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Top Customer Reviews
These two topics are interwoven throughout the book, and I agree with other reviewers here that this book probably has a wider audience than what the authors may have originally surmised. However, because I have read so much with regard to autism, potential readers of this book should be aware that the criticisms from autistic readers that Grandin mentions in this book about her past assertions with regard to how "thinking in pictures" is a common trait across autistic individuals, might cease but be redirected toward the fact that Grandin heavily concentrates on high functioning autism, not the entire spectrum. The DSM-5 may no longer include different degrees of autism, but even Grandin explains her reservations about DSM diagnoses. Potential readers just need to keep in mind that the vast majority of her focus here is on those with high functioning autism like herself.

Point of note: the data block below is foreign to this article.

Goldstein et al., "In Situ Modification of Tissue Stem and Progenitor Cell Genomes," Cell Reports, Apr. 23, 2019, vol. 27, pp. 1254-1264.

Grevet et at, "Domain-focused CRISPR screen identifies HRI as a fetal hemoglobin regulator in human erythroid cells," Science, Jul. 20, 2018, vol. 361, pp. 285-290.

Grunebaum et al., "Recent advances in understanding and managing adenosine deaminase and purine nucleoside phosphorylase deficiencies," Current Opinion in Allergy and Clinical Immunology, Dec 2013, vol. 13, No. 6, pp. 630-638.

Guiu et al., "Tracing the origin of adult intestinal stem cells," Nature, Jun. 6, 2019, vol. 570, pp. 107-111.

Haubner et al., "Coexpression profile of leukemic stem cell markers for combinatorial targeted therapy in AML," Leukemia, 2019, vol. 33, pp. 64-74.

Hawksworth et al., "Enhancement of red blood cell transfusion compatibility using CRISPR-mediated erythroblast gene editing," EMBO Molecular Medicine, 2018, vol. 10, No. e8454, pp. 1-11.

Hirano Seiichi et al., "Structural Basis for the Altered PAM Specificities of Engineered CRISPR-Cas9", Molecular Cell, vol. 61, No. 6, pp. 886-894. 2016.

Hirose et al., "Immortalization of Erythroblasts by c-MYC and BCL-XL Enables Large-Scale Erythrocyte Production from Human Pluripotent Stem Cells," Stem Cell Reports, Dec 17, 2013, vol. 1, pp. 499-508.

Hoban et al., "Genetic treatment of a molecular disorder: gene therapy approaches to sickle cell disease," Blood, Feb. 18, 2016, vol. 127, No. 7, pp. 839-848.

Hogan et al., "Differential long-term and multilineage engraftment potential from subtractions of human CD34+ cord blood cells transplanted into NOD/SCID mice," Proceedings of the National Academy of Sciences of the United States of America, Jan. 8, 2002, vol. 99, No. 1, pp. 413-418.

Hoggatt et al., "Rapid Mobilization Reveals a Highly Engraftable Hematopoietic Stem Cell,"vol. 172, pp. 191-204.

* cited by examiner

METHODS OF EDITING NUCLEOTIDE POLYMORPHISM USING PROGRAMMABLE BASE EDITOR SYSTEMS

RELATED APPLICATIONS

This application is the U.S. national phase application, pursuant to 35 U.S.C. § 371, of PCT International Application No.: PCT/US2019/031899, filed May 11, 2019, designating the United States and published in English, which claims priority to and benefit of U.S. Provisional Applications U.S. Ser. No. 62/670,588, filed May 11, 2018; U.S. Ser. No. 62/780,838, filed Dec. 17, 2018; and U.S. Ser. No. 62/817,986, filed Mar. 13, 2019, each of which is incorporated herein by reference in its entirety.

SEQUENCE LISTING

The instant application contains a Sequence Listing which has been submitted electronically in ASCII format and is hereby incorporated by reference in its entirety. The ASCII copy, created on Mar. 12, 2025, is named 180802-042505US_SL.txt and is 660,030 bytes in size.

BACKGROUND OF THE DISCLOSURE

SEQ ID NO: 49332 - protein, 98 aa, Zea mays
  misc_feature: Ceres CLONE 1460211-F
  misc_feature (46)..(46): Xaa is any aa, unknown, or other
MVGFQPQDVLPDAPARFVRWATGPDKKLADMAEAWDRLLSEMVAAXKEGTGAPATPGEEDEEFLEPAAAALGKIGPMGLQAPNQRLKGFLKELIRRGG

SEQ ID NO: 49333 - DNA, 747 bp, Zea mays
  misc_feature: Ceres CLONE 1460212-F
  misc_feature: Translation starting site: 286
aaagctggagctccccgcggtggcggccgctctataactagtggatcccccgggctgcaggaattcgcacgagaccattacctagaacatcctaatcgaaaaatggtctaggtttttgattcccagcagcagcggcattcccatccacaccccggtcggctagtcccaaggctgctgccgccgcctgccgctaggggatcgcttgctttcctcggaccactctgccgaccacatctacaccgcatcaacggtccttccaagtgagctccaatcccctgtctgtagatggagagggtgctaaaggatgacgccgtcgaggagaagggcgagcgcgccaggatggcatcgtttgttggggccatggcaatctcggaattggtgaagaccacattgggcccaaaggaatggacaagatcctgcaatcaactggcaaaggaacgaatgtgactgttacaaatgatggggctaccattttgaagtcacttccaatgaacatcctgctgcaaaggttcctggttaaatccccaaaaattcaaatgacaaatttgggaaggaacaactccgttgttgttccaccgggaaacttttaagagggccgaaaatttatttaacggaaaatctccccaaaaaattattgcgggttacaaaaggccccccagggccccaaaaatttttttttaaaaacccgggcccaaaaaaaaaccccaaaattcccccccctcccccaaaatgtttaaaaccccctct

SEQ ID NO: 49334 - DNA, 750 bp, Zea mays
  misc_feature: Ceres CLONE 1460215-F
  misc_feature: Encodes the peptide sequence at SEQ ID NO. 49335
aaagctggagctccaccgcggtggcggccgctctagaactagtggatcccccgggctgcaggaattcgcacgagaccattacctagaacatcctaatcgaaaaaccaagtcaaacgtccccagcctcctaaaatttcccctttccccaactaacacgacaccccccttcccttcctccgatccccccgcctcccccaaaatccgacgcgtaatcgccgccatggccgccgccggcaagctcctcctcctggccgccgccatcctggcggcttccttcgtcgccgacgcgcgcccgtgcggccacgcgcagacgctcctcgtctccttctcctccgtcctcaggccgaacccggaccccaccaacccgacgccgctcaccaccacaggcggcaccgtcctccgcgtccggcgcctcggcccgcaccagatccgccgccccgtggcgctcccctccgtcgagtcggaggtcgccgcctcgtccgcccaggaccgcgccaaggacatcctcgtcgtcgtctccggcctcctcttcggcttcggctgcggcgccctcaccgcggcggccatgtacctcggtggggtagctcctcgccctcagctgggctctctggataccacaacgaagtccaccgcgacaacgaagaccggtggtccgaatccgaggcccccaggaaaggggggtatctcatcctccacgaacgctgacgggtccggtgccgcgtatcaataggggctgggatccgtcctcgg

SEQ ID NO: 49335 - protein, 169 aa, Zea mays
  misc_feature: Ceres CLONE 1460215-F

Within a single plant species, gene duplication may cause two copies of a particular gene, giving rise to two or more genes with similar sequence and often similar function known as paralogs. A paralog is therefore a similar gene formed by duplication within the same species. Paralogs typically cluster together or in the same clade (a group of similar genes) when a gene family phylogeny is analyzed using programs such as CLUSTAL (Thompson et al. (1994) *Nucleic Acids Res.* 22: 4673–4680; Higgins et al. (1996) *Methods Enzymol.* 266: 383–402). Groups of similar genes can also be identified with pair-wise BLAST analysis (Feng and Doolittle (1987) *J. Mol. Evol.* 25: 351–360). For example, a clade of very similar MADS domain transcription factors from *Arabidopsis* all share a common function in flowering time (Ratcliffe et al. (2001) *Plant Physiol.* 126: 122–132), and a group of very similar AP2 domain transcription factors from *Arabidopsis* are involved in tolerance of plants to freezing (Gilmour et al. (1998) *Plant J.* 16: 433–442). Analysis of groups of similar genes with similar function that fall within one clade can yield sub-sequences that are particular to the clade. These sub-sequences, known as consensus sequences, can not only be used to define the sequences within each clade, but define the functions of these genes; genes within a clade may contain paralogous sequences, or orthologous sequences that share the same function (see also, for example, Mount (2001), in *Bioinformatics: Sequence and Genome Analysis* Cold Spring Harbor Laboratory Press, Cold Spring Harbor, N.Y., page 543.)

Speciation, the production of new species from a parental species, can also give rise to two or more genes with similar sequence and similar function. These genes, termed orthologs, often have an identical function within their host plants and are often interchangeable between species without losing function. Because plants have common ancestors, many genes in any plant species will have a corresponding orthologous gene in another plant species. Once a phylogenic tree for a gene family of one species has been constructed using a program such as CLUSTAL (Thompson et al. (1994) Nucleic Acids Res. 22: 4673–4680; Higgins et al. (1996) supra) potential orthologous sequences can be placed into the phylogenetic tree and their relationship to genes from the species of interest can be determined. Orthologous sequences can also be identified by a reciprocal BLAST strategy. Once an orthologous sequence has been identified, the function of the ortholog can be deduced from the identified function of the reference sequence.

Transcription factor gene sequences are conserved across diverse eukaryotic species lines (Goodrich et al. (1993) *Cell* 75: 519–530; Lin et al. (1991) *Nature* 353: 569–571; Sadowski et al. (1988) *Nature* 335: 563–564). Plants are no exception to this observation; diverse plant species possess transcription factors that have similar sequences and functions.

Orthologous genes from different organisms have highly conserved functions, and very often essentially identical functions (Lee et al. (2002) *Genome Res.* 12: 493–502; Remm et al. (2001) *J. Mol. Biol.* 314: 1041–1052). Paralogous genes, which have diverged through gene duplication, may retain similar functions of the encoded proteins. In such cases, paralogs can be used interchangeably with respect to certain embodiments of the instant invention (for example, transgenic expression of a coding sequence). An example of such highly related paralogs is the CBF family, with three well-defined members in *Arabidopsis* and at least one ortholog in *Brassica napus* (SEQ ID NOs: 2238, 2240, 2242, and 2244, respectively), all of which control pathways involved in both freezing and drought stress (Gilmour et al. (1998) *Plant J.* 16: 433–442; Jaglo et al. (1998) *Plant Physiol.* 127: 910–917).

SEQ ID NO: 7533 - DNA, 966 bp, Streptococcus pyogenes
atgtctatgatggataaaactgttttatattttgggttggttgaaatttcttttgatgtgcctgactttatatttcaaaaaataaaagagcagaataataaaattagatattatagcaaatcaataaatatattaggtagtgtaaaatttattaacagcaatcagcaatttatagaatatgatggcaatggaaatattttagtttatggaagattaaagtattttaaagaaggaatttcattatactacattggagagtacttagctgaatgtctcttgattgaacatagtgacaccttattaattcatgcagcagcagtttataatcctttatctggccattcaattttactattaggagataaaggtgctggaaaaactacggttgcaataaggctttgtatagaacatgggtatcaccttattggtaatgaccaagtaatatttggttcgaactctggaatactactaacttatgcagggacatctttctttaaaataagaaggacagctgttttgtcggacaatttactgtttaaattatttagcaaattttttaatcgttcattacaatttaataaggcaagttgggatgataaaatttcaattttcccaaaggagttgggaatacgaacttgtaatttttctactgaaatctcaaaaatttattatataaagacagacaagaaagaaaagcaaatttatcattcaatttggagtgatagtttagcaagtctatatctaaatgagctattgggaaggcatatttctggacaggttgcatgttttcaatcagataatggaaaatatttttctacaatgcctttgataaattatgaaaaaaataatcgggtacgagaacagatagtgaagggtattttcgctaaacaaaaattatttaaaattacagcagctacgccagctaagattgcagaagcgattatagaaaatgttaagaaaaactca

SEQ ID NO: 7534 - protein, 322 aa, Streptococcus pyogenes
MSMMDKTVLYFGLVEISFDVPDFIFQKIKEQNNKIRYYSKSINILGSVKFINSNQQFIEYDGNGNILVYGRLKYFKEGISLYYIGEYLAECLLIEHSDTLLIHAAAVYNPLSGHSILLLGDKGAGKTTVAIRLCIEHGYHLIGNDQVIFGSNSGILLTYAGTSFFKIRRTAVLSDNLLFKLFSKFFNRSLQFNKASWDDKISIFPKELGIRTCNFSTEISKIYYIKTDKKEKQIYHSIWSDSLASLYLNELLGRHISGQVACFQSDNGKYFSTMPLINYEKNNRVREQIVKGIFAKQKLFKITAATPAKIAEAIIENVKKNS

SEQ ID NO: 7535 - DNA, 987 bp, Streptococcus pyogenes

That said, interestingly enough Grandin is probably among the most optimistic writers with regard to the potential of those with autism. In one of the best brief written summaries of the history of the DSM, for example, she writes the following words of encouragement for those with autism in their lives: "Unlike a diagnosis for step throat, the diagnostic criterion for autism has changed with each new edition of the DSM. I warn parents, teachers, and therapists to avoid getting locked into the labels. They are not precise. I beg you, do not allow a child or an adult to become defined by a DSM label." For those of us that have had to battle ICD codes while seeking treatment for our children, we realize that this categorization is probably not going to go away any time soon, but it is about time that someone of Grandin's stature is questioning their long-term validity.